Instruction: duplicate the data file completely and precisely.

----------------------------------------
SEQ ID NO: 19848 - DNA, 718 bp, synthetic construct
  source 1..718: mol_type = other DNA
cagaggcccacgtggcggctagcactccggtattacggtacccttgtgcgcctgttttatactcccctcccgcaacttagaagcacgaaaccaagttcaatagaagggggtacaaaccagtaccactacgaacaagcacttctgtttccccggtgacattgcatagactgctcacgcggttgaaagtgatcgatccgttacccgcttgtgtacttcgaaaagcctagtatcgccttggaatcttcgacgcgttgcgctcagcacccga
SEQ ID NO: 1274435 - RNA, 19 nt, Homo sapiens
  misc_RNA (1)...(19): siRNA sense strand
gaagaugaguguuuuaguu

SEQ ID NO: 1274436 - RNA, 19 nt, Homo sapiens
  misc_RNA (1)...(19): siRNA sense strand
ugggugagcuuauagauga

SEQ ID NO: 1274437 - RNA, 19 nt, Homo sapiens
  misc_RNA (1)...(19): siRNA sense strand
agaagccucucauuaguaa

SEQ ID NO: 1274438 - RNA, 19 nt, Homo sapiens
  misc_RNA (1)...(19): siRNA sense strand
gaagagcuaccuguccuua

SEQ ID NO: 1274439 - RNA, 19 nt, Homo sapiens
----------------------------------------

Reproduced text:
SEQ ID NO: 19848 - DNA, 718 bp, synthetic construct
  source 1..718: mol_type = other DNA
cagaggcccacgtggcggctagcactccggtattacggtacccttgtgcgcctgttttatactcccctcccgcaacttagaagcacgaaaccaagttcaatagaagggggtacaaaccagtaccactacgaacaagcacttctgtttccccggtgacattgcatagactgctcacgcggttgaaagtgatcgatccgttacccgcttgtgtacttcgaaaagcctagtatcgccttggaatcttcgacgcgttgcgctcagcacccga
SEQ ID NO: 1274435 - RNA, 19 nt, Homo sapiens
  misc_RNA (1)...(19): siRNA sense strand
gaagaugaguguuuuaguu

SEQ ID NO: 1274436 - RNA, 19 nt, Homo sapiens
  misc_RNA (1)...(19): siRNA sense strand
ugggugagcuuauagauga

SEQ ID NO: 1274437 - RNA, 19 nt, Homo sapiens
  misc_RNA (1)...(19): siRNA sense strand
agaagccucucauuaguaa

SEQ ID NO: 1274438 - RNA, 19 nt, Homo sapiens
  misc_RNA (1)...(19): siRNA sense strand
gaagagcuaccuguccuua

SEQ ID NO: 1274439 - RNA, 19 nt, Homo sapiens